2.What knowledge and background experience do you bring to Sword & Silk as authors and professionals?
Laynie: Back in the days of old, before I discovered my passion for writing, I knew I loved the ins and outs business and marketing. I got a couple of degrees (business management and communications) and started working in the corporate world, but always longed to fit into the bookish world I loved so much. After interning at one publishing company, working pro bono at another, and serving as a marketing manager at a third, S&S gives me the opportunity to combine my two passions while helping others’ dreams come true.
MB: Having my own works published through various presses and houses, I understand what it’s like to be on both sides of the story, so to speak. After writing for so long, and dealing with my own edits and marketing with my own publications, I knew I wanted to help give back and possibly guide those who were less certain as they worked their way through the process. In addition to being an editorial intern, I have volunteered my time as a literary mentor and offered freelance developmental and content editorial services.
3.What do you hope to build on with Sword & Silk? What are some of the long term goals?
MB: I would love our reputation to precede us. I want authors to hear about Sword & Silk and automatically know they’ll be in great hands. I want to break down the barriers and misconceptions about small presses or indie publishes and truly be a house that shows all authors that we’re here for them and we’re not giving up on them, on our readers, on our staff, or the community as a whole.
Laynie: I have many, many dreams for S&S (ask MB, she’s the one who has to keep my feet on the ground). But they aren’t necessarily for me. They’re for our authors and our readers. Long term, I’d love to see us be a place people are excited to hear about. That when we announce another release, readers know it’s going to be good. I want to give our authors the best opportunities possible, and a lot of that will come with the growth of the company. The farther our reach, the farther their reach.
4.What would you say to encourage authors, either to finish their manuscripts or to take the querying plunge?
MB: Only proceed when ready. Finish the manuscript. Self-edit the manuscript. Take a break and do it again. Let friends read it. Beta readers. Critique partners. And look at it again. When you think it’s the best product you can have your name attached to, then start thinking about the querying process. But you also need to know what you’re getting yourself into. They say publishing is a marathon, not a sprint, and it’s true. From the spark of a manuscript idea to celebrating your book’s release date, have patience and you’ll get there.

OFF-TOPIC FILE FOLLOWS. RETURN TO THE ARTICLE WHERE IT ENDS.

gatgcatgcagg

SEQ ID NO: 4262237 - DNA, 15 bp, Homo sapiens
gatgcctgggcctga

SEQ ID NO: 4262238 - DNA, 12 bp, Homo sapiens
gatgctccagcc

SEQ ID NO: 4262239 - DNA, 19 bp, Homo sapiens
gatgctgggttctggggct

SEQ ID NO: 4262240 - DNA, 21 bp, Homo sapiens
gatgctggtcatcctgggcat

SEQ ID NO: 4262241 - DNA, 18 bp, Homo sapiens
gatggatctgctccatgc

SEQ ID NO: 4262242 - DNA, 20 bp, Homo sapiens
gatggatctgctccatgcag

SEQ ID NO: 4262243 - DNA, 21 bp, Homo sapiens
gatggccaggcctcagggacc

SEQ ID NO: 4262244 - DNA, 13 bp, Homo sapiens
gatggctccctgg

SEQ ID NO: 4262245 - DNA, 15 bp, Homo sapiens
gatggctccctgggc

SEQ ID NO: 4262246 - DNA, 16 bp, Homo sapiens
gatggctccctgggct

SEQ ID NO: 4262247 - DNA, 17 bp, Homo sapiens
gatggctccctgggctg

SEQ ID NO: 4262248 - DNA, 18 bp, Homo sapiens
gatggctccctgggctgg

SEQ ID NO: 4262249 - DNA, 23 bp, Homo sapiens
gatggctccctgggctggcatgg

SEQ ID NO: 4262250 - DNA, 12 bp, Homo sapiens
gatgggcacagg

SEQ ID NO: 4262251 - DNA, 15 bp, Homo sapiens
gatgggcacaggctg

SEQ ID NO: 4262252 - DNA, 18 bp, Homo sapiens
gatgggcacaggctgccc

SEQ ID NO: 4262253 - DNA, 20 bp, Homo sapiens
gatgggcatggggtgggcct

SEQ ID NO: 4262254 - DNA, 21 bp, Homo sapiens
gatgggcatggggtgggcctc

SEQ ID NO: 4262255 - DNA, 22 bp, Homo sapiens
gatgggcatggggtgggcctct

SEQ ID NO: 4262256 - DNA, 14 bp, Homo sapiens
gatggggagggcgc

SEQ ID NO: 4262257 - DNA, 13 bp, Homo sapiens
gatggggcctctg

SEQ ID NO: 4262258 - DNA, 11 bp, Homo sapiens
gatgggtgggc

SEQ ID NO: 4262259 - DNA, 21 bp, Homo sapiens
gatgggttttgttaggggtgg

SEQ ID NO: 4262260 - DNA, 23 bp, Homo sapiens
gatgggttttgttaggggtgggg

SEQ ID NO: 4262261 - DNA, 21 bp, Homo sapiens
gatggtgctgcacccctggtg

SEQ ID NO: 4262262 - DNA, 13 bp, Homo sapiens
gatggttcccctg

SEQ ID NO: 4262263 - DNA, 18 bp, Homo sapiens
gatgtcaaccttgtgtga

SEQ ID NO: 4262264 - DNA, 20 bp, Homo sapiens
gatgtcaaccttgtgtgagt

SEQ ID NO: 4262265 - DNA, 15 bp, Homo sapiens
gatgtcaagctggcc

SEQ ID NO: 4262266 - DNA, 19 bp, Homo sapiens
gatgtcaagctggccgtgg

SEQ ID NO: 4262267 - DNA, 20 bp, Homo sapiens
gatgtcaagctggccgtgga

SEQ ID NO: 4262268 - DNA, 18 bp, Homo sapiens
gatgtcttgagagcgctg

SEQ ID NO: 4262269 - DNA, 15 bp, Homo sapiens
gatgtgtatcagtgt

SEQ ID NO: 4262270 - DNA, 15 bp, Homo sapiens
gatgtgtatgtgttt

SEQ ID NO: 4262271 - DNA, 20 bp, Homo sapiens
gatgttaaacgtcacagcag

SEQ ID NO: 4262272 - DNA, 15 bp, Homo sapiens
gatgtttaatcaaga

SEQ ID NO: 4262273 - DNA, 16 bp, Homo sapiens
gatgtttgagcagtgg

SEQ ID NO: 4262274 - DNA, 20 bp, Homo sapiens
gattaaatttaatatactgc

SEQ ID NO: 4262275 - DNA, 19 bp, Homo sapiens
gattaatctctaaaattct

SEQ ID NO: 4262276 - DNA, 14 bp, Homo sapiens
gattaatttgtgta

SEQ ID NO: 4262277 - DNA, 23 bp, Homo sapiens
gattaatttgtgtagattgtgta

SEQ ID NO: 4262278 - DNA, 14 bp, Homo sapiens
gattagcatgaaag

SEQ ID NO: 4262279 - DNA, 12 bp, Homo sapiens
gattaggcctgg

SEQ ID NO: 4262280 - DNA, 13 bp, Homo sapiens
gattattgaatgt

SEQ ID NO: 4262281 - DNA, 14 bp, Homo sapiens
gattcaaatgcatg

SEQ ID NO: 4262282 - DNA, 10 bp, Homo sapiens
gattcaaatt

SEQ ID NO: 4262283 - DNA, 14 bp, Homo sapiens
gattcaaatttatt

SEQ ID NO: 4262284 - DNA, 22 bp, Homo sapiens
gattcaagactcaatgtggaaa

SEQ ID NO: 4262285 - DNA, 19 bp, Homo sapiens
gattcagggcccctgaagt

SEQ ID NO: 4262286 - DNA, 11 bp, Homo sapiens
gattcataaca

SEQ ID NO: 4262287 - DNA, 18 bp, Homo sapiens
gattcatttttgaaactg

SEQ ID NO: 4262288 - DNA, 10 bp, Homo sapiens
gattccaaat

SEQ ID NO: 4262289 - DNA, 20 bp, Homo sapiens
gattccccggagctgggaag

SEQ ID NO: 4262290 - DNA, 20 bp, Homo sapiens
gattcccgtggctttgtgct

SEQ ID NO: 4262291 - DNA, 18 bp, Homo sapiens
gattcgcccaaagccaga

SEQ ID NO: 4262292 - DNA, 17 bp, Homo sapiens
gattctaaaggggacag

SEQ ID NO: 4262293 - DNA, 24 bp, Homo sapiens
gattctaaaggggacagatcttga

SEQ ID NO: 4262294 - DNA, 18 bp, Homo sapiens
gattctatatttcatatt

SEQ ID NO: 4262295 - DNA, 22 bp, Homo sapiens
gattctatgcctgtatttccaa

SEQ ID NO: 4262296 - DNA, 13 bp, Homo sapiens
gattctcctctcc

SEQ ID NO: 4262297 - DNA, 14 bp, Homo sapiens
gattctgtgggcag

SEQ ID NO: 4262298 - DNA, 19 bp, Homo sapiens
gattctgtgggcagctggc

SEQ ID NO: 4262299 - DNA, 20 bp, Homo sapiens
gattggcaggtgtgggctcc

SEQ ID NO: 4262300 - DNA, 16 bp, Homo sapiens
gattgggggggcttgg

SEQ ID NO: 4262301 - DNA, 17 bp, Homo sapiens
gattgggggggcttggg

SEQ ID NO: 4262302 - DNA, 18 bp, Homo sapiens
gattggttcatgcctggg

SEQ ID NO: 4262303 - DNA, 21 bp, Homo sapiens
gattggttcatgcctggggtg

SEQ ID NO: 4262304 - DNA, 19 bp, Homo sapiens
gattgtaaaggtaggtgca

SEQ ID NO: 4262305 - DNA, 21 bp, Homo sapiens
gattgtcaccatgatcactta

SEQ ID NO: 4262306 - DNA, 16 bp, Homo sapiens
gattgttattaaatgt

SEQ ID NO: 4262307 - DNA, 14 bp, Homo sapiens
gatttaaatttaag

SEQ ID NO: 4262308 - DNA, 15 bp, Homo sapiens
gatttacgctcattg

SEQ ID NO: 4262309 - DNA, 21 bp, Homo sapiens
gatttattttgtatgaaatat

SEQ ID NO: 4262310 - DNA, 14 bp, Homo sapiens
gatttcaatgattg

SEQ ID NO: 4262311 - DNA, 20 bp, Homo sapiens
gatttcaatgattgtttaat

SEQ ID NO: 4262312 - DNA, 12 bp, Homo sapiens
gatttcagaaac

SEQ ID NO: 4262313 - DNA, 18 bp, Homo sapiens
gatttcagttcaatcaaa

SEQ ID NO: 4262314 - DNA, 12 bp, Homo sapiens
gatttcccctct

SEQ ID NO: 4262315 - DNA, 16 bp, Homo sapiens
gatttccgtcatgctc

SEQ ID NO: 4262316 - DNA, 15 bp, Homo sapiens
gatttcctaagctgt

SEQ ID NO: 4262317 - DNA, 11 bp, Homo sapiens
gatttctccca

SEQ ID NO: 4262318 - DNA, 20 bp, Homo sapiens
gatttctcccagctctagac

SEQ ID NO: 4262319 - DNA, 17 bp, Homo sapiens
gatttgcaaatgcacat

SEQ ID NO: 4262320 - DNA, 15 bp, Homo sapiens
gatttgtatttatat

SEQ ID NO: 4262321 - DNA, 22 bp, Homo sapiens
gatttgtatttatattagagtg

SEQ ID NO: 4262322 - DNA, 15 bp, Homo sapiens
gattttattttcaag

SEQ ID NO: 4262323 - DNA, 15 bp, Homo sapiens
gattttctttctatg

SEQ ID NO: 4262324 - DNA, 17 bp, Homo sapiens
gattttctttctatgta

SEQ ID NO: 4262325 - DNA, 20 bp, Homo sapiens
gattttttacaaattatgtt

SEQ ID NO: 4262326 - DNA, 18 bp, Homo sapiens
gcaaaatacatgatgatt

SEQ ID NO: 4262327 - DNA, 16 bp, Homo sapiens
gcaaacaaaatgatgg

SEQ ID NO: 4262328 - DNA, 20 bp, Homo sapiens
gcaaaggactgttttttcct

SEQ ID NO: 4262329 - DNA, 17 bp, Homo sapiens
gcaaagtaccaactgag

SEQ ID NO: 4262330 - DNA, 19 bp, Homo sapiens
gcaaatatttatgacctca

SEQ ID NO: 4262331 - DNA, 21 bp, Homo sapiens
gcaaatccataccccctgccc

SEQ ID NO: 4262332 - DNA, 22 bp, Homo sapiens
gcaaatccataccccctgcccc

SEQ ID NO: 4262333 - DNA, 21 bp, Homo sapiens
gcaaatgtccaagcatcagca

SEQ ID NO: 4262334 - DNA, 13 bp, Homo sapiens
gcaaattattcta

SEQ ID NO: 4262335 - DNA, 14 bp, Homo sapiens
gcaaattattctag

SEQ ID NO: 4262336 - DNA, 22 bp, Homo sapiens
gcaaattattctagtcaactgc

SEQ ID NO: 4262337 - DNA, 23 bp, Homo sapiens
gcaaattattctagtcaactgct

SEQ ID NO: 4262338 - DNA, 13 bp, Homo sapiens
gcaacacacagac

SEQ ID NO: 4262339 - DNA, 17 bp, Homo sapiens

Laynie: What MB said. As a baby author, I queried my first book WAY before it was ready. After a ton of rejections, I got beta readers and critique partners. I cannot even begin to explain how much that helped. Also, do your research. We’re honest and up front with what we can and cannot provide. The small publisher life isn’t for everyone. Make sure that’s the path you want to take before deciding between it, querying agents, or indie publishing. Ask questions! Talk to people! See their experiences. It goes a long way in knowing what you’re in for. And the more educated you are in the process, the more comfortable and confident you will be as it happens.
5.Share your favorite bookish quote!
MB: “To the stars who listen—”
Ok, ok no, fine, not this time.
“When the day shall come that we do part," he said softly, and turned to look at me, "if my last words are not 'I love you'-ye'll ken it was because I didna have time." - The Fiery Cross, Diana Gabaldon
Laynie: I’m so floored MB didn’t use the SJM quote that I can’t think of anything, but if I have to….
“We live and breathe words. It was books that kept me from taking my own life after I thought I could never love anyone, never be loved again. It was books that made me feel that perhaps I was not completely alone. They could be honest with me, and I with them.”
― Cassandra Clare, Clockwork Prince